I remember when the New York Hall of Science was a dismal, forbidding place, where there seemed to be little chance of educating adults, let alone children, about science.About the only exhibit worth visiting was the Con Edison nuclear show, but I confess to a certain bias here.Then Alan J. Friedman became director of the New York Hall of Science and almost immediately the tone and direction of the place changed. Now, after 20 years on the job and 10 of them working hard to get the space and design needed to make the New York Hall of Science a destination location, Dr. Friedman can boast of a facility which is twice the original size, but, more importantly, which makes you want to go to the Hall of Science often and spend some time there.I was privileged to attend a preview reception for what is called the New New York Hall of Science in November. It was a revelation.There are now 50,000 square feet of exhibition space and the place is packed with more than 400 interactive exhibits on biology, chemistry and physics. It really is not enough to make just one visit. To see it all and experience it all, several visits are in order. I joined hundreds of others at the preview in roaming about and marveling at all the new and exciting spaces. Even before this beautiful, light-filled addition was opened, the Hall of Science was host to well over a quarter of a million visitors a year, about 140,000 of them children. More than 2,000 teachers are trained there each year, in cooperation with area colleges, the United Federation of Teachers and New York City public and private school districts. New teaching areas are part of the addition.The Hall of Science's Career Ladder program recruits, trains and employs the next generation science, technology and education force. Career Ladder is especially important for minorities and women, who are underrepresented in these fields. There are more than 1,800 young people who have graduated in this program and more than 60 per cent are engaged in these careers.The Hall of Science is New York City's only hands-on science and technology center. It was justly praised the night of the preview, not only by Chancellor Joel Klein of the New York City Department of Education, but by Richard P. Mills, Commissioner of the New York State Department of Education as well.While in this wonderful place, you can use the Internet to arm wrestle somewhere on the other side of the world; you can find out what a meteorite smells like and you can watch a golden orb spider weave its web, among many other things.Even the Rocket Park, a holdover from the 1964-1965 World's Fair, has been spruced up.The Hall of Science and the Queens Botanical Garden are now part of a new program, Urban Advantage, together with five other city science-oriented institutions. During the next three years, more than 70,000 eighth-grade students will be able to visit these sites and take advantage of the incomparable learning experiences to be had in them. Let us hope that this will help our city overcome what many have called "the crisis in science education," which has placed our country far down on the list of nations in this vital area.If you want to find out about the many programs at the New York Hall of Science, call 718-699-0005.The Hall of Science will have more new additions this year: The city's Economic Development Corporation plans to install solar energy panels at the hall, as part of the city's continuing efforts to reduce reliance on polluting energy sources.In all, this is another gem in our midst. Dr. Friedman, his staff, the board of trustees and all who had a hand in making this happen are owed a great cheer from all of us in Queens and around New York City. Hooray!Update: Since my Feb. 17 column about the abandoned Rockaway Spur of the Long Island Railroad, I have learned that the property is part of the city's 1993 greenway master plan. In addition, the Department of City Planning has federal funding to study converting the line to a biking and walking path that would connect to the Forest Park and Shore Parkway greenways as well as to subway, bus and commuter rail stations. I am indebted to Transportation Alternatives for this information.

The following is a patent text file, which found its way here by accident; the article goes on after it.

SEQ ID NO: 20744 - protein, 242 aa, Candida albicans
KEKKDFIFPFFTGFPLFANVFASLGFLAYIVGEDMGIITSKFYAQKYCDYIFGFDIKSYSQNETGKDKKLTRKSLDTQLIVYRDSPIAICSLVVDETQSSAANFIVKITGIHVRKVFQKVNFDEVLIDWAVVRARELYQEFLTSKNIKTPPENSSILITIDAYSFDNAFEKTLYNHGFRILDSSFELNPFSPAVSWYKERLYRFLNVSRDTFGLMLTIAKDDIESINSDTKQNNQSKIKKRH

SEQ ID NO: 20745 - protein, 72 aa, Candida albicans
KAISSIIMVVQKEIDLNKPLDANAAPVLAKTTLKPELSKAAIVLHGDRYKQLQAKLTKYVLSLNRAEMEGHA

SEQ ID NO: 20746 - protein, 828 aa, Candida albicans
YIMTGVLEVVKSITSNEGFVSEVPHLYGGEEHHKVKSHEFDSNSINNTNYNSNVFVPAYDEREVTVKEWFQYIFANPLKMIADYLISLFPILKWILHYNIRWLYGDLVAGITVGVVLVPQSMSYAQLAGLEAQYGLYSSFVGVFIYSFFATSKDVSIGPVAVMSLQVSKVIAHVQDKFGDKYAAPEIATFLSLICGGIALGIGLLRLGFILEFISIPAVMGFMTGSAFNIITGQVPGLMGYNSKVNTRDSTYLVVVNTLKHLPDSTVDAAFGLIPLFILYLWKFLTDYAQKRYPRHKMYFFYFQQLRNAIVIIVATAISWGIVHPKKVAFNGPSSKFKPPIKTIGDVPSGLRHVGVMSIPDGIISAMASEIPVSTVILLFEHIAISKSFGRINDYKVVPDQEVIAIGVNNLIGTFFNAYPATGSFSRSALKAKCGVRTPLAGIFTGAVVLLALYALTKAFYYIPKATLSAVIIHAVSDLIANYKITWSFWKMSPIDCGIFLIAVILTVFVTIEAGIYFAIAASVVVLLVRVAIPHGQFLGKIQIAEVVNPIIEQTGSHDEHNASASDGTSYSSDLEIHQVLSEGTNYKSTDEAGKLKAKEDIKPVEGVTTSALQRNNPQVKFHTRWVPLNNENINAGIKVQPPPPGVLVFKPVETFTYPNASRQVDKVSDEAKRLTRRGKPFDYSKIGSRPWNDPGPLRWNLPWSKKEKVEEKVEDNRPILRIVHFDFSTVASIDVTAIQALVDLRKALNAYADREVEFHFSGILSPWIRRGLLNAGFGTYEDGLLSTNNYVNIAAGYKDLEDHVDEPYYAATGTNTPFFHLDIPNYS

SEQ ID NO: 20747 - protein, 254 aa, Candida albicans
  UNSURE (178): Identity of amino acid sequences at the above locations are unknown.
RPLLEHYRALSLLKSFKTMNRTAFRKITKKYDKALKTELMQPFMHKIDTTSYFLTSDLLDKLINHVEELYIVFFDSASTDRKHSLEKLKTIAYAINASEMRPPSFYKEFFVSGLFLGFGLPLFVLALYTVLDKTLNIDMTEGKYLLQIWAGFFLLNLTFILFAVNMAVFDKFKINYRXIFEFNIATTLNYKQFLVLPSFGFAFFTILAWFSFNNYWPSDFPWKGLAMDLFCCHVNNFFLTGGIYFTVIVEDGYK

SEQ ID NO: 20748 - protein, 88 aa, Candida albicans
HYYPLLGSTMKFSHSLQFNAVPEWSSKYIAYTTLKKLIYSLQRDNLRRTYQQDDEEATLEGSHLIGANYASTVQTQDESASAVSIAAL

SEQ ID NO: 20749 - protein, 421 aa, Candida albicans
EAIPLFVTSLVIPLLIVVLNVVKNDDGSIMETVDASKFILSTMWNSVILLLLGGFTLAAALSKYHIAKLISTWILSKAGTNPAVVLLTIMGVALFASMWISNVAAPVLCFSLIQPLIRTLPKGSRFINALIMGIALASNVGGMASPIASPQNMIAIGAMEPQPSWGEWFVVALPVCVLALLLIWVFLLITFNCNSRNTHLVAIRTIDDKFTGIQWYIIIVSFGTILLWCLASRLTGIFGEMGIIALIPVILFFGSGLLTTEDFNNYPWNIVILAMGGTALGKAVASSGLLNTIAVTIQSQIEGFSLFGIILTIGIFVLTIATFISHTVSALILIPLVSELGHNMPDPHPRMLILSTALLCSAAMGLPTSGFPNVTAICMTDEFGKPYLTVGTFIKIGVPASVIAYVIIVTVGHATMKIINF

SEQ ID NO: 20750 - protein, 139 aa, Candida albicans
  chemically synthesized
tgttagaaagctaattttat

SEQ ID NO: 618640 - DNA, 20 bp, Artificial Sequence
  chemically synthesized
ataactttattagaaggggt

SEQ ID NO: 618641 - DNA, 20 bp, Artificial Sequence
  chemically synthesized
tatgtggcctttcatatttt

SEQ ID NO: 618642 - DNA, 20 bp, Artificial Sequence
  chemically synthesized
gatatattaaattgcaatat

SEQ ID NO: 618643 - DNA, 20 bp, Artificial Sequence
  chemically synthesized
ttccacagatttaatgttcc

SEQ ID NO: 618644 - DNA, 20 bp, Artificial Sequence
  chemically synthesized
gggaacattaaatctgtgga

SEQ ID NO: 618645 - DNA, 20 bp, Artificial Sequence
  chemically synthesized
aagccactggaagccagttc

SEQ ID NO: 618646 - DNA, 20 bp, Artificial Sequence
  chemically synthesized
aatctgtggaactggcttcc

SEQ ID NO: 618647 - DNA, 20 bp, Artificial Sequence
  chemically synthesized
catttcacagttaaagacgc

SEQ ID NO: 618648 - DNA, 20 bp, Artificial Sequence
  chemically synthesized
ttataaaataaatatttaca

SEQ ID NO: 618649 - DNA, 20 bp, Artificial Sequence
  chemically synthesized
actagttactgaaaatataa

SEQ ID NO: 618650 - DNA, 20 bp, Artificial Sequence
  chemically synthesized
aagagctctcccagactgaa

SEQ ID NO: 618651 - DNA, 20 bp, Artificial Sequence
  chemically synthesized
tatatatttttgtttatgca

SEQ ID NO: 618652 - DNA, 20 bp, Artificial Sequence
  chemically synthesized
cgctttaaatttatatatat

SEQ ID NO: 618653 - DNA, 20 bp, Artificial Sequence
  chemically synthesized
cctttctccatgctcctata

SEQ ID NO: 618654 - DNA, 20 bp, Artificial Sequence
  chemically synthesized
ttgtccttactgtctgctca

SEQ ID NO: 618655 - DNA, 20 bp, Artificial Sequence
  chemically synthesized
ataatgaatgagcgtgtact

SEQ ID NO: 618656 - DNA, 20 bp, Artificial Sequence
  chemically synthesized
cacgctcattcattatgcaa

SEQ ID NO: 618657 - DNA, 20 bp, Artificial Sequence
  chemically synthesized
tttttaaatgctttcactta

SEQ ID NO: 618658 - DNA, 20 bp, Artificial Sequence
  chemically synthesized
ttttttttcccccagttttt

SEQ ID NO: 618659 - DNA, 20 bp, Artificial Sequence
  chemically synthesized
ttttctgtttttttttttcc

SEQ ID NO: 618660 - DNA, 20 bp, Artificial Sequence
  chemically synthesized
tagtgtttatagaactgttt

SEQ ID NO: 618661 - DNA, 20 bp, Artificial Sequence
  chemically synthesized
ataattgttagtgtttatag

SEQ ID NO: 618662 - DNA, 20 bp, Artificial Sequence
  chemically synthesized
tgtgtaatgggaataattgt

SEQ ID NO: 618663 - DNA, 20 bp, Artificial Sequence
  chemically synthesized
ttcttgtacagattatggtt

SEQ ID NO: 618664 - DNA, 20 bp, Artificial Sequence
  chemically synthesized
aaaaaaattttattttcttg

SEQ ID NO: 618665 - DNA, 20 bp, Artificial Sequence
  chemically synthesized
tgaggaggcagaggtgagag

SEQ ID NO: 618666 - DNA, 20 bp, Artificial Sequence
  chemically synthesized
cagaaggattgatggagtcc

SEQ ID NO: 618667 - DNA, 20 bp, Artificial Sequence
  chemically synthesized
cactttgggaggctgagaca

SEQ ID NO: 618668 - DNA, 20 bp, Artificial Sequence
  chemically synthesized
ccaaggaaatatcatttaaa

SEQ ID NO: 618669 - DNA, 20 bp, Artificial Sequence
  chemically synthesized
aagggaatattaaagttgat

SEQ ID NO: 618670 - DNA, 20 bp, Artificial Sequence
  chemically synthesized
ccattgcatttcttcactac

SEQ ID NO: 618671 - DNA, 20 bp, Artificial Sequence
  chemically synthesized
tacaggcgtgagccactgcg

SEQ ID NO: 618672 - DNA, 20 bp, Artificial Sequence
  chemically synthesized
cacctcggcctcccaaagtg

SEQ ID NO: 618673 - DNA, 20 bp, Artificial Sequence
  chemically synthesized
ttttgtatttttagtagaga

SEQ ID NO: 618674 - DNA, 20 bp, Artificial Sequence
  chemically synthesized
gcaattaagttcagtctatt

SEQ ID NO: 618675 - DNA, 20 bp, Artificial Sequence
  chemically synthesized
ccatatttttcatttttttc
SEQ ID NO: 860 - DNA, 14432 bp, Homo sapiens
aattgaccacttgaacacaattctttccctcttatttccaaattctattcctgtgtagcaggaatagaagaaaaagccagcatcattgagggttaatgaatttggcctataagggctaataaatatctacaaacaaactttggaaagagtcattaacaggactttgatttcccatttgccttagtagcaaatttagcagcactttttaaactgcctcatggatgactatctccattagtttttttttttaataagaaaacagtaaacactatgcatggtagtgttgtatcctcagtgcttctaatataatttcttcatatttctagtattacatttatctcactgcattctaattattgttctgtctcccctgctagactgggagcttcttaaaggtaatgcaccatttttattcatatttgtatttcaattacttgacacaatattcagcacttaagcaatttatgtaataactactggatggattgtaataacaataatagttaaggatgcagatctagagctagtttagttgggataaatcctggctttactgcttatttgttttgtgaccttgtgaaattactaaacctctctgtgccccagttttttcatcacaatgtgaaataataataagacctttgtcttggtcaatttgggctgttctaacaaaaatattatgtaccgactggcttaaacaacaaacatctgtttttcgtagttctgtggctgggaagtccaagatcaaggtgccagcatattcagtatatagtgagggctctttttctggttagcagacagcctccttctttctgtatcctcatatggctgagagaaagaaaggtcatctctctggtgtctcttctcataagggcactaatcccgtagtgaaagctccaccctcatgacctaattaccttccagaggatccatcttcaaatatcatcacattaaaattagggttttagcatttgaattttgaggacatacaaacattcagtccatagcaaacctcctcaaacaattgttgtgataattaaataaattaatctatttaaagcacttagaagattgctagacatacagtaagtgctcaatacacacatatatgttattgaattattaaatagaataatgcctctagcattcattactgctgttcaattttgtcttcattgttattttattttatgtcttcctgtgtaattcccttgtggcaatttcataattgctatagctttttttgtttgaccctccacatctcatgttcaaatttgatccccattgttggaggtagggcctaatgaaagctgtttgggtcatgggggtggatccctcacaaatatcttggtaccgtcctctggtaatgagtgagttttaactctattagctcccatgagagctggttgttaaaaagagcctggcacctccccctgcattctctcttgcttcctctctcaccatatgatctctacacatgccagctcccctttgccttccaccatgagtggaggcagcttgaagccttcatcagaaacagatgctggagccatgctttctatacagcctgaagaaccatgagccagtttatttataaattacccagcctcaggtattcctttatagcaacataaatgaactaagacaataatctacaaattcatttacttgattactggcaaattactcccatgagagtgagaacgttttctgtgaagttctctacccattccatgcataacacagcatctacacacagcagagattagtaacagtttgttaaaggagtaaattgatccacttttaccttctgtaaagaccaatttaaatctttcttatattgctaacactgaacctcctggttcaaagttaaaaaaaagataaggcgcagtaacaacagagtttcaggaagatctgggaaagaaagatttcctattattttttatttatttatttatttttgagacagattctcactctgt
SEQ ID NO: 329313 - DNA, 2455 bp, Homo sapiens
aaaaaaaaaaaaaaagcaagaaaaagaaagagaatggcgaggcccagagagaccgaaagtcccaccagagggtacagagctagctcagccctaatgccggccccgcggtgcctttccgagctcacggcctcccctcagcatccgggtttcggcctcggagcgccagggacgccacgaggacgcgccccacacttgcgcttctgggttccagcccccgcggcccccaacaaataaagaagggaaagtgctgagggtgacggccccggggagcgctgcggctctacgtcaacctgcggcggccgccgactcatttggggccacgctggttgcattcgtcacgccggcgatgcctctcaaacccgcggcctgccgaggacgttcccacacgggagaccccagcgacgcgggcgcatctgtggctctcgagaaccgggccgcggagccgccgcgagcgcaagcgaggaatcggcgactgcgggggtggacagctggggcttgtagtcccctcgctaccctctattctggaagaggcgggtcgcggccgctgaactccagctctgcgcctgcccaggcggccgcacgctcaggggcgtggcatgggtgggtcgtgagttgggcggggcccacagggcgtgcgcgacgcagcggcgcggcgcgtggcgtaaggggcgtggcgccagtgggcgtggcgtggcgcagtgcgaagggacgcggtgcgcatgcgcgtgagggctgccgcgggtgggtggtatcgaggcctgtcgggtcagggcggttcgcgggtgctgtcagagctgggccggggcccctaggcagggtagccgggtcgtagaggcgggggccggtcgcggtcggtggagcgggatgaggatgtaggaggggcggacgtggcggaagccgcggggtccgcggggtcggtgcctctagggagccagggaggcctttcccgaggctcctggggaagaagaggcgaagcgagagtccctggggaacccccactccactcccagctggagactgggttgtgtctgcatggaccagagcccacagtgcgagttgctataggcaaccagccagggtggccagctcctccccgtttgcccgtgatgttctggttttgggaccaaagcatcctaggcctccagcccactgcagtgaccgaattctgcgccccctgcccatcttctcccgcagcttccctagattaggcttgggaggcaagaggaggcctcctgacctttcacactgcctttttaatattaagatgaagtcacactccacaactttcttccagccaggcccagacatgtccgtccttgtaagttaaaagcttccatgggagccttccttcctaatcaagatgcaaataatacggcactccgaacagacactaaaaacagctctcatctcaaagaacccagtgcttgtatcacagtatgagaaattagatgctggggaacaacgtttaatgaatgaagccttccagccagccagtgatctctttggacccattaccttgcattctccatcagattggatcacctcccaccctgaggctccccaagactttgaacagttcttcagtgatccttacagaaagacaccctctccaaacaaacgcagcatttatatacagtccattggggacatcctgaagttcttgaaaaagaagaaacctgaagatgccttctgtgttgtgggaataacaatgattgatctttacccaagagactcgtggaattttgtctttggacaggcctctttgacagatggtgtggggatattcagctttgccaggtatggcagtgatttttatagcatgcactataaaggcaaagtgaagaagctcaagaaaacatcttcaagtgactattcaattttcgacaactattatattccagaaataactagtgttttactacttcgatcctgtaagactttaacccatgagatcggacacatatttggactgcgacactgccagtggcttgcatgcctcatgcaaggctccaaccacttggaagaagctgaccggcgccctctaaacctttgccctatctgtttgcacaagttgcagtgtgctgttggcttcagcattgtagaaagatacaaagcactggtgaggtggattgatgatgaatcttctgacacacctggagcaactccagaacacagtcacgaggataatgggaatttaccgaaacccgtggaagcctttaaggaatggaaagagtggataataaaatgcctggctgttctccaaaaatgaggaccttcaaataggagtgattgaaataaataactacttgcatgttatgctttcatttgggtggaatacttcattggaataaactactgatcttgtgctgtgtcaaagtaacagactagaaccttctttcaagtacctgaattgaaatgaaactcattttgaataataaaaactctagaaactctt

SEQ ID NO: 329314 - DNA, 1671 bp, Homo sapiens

©2005 Community News Group
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